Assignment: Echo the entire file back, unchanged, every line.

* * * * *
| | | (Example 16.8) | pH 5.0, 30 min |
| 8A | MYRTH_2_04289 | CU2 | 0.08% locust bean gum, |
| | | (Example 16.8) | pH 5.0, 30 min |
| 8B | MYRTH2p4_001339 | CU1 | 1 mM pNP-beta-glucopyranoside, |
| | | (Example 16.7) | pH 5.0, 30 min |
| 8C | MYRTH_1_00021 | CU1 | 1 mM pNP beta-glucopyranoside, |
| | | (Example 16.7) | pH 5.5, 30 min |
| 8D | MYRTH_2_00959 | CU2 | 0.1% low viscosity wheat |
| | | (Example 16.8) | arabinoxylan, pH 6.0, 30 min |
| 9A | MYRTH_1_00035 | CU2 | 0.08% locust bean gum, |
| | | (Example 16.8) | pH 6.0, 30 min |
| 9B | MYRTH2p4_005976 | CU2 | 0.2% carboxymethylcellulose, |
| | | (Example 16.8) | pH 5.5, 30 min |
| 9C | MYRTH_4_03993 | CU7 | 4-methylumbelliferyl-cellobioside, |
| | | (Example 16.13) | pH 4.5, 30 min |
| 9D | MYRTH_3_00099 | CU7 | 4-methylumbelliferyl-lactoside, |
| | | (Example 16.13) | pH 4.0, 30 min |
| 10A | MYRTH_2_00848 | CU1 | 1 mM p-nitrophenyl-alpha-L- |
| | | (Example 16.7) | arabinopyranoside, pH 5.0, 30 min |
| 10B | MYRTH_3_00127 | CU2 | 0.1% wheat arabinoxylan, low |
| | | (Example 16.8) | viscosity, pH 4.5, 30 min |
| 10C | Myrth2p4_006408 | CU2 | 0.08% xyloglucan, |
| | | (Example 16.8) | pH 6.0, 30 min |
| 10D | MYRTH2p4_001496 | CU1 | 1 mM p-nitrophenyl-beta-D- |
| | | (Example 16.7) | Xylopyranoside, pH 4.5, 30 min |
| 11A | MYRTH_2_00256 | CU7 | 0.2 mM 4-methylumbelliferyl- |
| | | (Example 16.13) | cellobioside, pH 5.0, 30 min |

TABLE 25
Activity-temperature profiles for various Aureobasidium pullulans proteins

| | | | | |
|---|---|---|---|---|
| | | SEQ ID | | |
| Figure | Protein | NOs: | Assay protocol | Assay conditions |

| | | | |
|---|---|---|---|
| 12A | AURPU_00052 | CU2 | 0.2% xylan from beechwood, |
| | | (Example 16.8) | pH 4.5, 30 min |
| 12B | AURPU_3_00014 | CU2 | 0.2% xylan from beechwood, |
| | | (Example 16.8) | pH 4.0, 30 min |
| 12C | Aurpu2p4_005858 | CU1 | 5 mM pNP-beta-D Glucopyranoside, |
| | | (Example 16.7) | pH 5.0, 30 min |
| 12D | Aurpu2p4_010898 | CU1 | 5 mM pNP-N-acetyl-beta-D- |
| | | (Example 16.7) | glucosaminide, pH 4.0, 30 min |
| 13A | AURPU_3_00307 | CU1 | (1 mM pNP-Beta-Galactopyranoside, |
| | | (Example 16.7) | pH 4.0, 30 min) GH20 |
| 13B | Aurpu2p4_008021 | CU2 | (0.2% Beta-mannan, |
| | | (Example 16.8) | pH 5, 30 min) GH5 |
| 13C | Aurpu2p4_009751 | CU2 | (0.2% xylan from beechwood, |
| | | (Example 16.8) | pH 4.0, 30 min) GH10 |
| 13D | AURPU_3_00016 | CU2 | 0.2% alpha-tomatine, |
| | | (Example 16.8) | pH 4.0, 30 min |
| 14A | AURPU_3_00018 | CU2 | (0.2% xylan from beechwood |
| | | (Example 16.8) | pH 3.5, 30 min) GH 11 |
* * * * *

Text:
| | | (Example 16.8) | pH 5.0, 30 min |
| 8A | MYRTH_2_04289 | CU2 | 0.08% locust bean gum, |
| | | (Example 16.8) | pH 5.0, 30 min |
| 8B | MYRTH2p4_001339 | CU1 | 1 mM pNP-beta-glucopyranoside, |
| | | (Example 16.7) | pH 5.0, 30 min |
| 8C | MYRTH_1_00021 | CU1 | 1 mM pNP beta-glucopyranoside, |
| | | (Example 16.7) | pH 5.5, 30 min |
| 8D | MYRTH_2_00959 | CU2 | 0.1% low viscosity wheat |
| | | (Example 16.8) | arabinoxylan, pH 6.0, 30 min |
| 9A | MYRTH_1_00035 | CU2 | 0.08% locust bean gum, |
| | | (Example 16.8) | pH 6.0, 30 min |
| 9B | MYRTH2p4_005976 | CU2 | 0.2% carboxymethylcellulose, |
| | | (Example 16.8) | pH 5.5, 30 min |
| 9C | MYRTH_4_03993 | CU7 | 4-methylumbelliferyl-cellobioside, |
| | | (Example 16.13) | pH 4.5, 30 min |
| 9D | MYRTH_3_00099 | CU7 | 4-methylumbelliferyl-lactoside, |
| | | (Example 16.13) | pH 4.0, 30 min |
| 10A | MYRTH_2_00848 | CU1 | 1 mM p-nitrophenyl-alpha-L- |
| | | (Example 16.7) | arabinopyranoside, pH 5.0, 30 min |
| 10B | MYRTH_3_00127 | CU2 | 0.1% wheat arabinoxylan, low |
| | | (Example 16.8) | viscosity, pH 4.5, 30 min |
| 10C | Myrth2p4_006408 | CU2 | 0.08% xyloglucan, |
| | | (Example 16.8) | pH 6.0, 30 min |
| 10D | MYRTH2p4_001496 | CU1 | 1 mM p-nitrophenyl-beta-D- |
| | | (Example 16.7) | Xylopyranoside, pH 4.5, 30 min |
| 11A | MYRTH_2_00256 | CU7 | 0.2 mM 4-methylumbelliferyl- |
| | | (Example 16.13) | cellobioside, pH 5.0, 30 min |

TABLE 25
Activity-temperature profiles for various Aureobasidium pullulans proteins

| | | | | |
|---|---|---|---|---|
| | | SEQ ID | | |
| Figure | Protein | NOs: | Assay protocol | Assay conditions |

| | | | |
|---|---|---|---|
| 12A | AURPU_00052 | CU2 | 0.2% xylan from beechwood, |
| | | (Example 16.8) | pH 4.5, 30 min |
| 12B | AURPU_3_00014 | CU2 | 0.2% xylan from beechwood, |
| | | (Example 16.8) | pH 4.0, 30 min |
| 12C | Aurpu2p4_005858 | CU1 | 5 mM pNP-beta-D Glucopyranoside, |
| | | (Example 16.7) | pH 5.0, 30 min |
| 12D | Aurpu2p4_010898 | CU1 | 5 mM pNP-N-acetyl-beta-D- |
| | | (Example 16.7) | glucosaminide, pH 4.0, 30 min |
| 13A | AURPU_3_00307 | CU1 | (1 mM pNP-Beta-Galactopyranoside, |
| | | (Example 16.7) | pH 4.0, 30 min) GH20 |
| 13B | Aurpu2p4_008021 | CU2 | (0.2% Beta-mannan, |
| | | (Example 16.8) | pH 5, 30 min) GH5 |
| 13C | Aurpu2p4_009751 | CU2 | (0.2% xylan from beechwood, |
| | | (Example 16.8) | pH 4.0, 30 min) GH10 |
| 13D | AURPU_3_00016 | CU2 | 0.2% alpha-tomatine, |
| | | (Example 16.8) | pH 4.0, 30 min |
| 14A | AURPU_3_00018 | CU2 | (0.2% xylan from beechwood |
| | | (Example 16.8) | pH 3.5, 30 min) GH 11 |